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MY Twitter feed was full of them. So was my Facebook timeline. My cell phone’s camera roll filled up as they flowed there by default from WhatsApp.
And even as Joe Biden was being sworn in on Wednesday as the 46th president of the United States, my brother-in-law fed me an unrelenting stream on text message.
They were the Trump memes. And now, suddenly, they are gone. And it’s such a relief.
Because somehow, our obsession with every possible offensive joke about Trump was almost as toxic as the reality of the man himself, occupying an office for which he was neither qualified nor worthy.
For sure, it was impossible not to relish some of the more ingenious parodists, like Randy Rainbow; Michael Spicer’s The Room Next Door (albeit not restricted to targeting Trump); and Sarah Cooper’s irresistibly goofy lip-syncs. Even the Jonathan Pie rants, already on overdrive, went supersonic during the Trump era.
But without that endless stream of home-made, photoshopped GIFs, jokes, spoofs and videos, I feel like I can, well, breathe again.
I can take the time to soak up the mellifluous incantation of 22-year-old poet, Amanda Gorman, whose words and bright yellow coat dazzled and uplifted us during the presidential inauguration. And I can enjoy it without having to anticipate a tsunami of brilliantly humorous and appropriately harsh attacks to follow.
Not that we shouldn’t resort to laughter and indeed satire over the next four years. But we can at last climb out of that echo chamber of horrors.
Dwelling there for four years, alongside Trump and his criminal cronies, contaminated us.
We delighted in laughing at and indeed mocking a tyrant — precisely what Trump himself did to a disabled reporter early in his first campaign — which in some ways exposed a baseness in our own characters.
We laughed but we felt uncomfortable doing it. And beyond the laughter was the hatred.
Trump brought out the worst in many of us who believe themselves fair-minded and striving to do good in the world.
One of my more Zen friends posted his own struggle on Facebook the day after the Capitol insurrection: “I’m seeing lots of my friends calling for peace and unity, and while I don’t disagree, I’m not there,” he wrote. “I’m working on ways to express anger in a healthy way, and then there will be space for peace and unity. But stepping over the rage doesn’t work. Got to feel it to heal it.”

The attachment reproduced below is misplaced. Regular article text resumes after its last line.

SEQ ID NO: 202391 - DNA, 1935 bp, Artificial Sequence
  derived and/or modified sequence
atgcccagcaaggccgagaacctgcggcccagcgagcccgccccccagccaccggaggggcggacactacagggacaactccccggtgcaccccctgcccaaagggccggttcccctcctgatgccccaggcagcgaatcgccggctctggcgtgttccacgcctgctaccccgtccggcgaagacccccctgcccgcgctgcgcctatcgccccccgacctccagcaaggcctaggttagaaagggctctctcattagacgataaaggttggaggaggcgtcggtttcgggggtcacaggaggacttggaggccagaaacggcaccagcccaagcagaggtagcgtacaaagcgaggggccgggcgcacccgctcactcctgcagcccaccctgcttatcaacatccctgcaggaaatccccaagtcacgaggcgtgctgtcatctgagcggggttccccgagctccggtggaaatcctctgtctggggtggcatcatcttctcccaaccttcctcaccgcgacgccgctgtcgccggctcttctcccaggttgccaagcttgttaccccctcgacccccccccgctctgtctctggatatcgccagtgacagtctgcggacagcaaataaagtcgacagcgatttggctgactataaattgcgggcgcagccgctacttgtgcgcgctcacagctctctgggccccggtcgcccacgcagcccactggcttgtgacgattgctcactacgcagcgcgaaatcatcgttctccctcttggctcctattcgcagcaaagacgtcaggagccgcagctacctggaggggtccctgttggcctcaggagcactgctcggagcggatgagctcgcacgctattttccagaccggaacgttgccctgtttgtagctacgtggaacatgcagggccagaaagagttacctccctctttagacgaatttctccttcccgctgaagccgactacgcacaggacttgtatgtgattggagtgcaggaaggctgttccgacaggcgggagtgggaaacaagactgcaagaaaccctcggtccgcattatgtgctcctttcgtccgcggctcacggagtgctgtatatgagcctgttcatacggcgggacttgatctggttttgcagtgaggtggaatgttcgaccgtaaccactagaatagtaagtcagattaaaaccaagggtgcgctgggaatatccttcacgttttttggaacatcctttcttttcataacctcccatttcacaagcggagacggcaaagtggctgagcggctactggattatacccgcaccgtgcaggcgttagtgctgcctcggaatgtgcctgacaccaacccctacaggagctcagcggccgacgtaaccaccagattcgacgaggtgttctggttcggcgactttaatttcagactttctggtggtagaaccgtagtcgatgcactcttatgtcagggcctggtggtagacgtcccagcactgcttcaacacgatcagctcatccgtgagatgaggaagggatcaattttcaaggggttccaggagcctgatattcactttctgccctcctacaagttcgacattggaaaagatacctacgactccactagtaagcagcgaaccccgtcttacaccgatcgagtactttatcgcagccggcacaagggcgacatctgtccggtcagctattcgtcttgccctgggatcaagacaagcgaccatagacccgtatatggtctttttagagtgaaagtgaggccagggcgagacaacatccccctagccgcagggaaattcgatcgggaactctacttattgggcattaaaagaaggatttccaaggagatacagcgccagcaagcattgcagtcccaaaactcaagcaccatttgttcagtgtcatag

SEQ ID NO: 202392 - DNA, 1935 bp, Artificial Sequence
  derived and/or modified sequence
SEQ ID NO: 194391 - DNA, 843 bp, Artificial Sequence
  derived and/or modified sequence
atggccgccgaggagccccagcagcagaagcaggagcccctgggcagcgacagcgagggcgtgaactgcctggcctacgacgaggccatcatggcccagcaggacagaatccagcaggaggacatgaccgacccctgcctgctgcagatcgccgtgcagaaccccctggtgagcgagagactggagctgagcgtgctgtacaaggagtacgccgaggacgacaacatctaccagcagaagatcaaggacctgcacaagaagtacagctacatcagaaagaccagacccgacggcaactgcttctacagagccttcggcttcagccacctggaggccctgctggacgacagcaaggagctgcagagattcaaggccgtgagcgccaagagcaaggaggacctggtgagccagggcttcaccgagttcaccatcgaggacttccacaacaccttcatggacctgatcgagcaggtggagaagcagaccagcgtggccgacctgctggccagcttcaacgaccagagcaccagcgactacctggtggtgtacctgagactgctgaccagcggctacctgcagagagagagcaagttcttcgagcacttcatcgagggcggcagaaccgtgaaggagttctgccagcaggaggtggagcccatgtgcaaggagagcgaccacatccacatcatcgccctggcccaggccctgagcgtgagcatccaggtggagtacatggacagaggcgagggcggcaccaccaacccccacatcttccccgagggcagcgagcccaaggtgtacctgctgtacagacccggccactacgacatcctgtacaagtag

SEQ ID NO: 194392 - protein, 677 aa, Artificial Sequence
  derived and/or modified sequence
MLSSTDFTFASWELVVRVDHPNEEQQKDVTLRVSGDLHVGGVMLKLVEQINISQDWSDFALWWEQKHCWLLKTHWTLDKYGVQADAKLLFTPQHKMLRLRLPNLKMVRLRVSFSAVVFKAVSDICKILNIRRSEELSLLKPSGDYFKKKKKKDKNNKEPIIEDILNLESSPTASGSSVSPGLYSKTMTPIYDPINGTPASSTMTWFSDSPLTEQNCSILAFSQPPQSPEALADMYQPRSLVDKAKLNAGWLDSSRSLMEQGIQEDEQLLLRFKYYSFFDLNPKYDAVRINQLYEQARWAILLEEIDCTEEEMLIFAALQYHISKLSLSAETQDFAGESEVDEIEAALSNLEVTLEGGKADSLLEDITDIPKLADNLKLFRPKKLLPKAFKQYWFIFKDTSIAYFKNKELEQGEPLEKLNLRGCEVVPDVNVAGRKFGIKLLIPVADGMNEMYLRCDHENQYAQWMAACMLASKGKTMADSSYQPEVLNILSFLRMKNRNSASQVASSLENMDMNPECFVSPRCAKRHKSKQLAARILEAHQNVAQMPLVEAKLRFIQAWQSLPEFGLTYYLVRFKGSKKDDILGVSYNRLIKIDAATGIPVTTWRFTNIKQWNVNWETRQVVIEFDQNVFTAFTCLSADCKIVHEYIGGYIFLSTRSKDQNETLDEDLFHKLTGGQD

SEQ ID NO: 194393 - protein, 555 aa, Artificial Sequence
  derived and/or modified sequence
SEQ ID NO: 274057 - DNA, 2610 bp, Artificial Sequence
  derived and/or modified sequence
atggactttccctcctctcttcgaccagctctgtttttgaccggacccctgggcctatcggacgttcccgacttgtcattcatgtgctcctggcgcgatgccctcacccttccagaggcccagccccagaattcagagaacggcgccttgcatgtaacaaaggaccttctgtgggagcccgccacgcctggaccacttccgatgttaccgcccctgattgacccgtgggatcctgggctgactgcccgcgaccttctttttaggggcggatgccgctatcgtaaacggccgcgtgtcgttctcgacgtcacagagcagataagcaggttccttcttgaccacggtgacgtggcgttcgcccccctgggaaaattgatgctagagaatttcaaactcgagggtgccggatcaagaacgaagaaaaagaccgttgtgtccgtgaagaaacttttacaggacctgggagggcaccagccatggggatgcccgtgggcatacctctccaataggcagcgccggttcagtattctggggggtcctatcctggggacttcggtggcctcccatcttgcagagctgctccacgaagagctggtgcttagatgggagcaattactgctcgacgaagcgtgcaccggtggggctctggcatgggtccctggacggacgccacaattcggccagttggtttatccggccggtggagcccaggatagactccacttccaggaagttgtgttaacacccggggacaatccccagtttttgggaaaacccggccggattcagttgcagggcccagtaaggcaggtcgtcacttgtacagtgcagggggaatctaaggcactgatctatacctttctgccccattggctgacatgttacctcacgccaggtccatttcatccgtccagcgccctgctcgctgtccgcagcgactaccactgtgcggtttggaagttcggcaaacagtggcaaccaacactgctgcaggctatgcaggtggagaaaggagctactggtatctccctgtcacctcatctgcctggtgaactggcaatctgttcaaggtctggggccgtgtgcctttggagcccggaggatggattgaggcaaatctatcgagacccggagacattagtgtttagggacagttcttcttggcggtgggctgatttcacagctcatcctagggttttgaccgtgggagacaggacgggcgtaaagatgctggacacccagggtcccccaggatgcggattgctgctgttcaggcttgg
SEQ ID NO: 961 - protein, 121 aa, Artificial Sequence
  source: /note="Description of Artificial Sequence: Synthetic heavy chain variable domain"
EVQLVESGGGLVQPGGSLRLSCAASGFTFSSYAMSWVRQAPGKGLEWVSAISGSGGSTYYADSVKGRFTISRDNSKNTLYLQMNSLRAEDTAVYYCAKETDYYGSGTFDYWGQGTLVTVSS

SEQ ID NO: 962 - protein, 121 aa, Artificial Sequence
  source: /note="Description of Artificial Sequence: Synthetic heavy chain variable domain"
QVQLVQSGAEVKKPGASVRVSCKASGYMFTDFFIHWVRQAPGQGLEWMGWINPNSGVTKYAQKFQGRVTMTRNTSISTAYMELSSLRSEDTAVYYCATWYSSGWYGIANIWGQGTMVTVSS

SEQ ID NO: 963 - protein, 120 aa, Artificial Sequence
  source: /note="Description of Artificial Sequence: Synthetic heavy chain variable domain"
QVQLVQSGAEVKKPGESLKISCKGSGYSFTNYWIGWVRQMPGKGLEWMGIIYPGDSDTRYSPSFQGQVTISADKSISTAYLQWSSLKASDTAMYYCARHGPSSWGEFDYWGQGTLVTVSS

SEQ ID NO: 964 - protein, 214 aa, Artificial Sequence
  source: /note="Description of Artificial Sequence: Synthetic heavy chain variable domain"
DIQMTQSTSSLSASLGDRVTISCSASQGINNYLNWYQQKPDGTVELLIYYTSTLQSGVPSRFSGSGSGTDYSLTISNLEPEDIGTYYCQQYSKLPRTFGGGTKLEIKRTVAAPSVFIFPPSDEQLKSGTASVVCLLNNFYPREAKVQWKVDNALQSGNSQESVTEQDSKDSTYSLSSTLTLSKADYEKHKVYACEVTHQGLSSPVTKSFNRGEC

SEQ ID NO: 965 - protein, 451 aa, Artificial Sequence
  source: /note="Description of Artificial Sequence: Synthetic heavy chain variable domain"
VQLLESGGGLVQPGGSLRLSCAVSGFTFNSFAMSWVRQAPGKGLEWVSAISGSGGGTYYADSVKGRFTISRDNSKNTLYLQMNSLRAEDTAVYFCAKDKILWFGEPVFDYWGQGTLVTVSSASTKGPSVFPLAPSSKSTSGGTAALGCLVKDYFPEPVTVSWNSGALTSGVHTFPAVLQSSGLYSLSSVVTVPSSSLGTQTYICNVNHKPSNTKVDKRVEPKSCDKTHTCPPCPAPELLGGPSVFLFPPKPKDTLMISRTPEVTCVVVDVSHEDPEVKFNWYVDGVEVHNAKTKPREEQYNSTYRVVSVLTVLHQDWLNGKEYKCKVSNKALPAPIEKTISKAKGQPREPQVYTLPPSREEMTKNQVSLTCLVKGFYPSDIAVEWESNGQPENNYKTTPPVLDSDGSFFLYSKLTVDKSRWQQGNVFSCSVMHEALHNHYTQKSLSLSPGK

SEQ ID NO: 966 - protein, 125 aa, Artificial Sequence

We have spent four years in a near constant state of heightened anger, raging against the dying of our democracy. And all of a sudden, we must confront this abrupt catharsis. We must go cold turkey into a new dawn where unity and healing is the goal.
Now we must try to remember what life was like for eight years under president Barack Obama (not perfect, by any means), when we read, thought and talked about things that actually mattered.
No more will we squander countless vacant hours scrolling through Trump memes and YouTube gems, which, while entertaining, left us bouncing around in a perpetual rubber room of rage.
In the end, Trump was a dismal distraction, a poor apology for what passes for entertainment.
The media made that mistake from the first moment Trump threw his hideous red Maga hat into the electoral ring, viewing him as a curiosity before realising too late that he was a serious threat, including to their own freedom of expression and personal safety.
Our obsession with hating Trump consumed us and sapped creative energy much-needed elsewhere.
Perhaps, in the glorious words of Amanda Gorman, we are freed again now to rise up and work on that “nation that isn’t broken, but simply unfinished.”
And of course laugh a little while we’re at it too.
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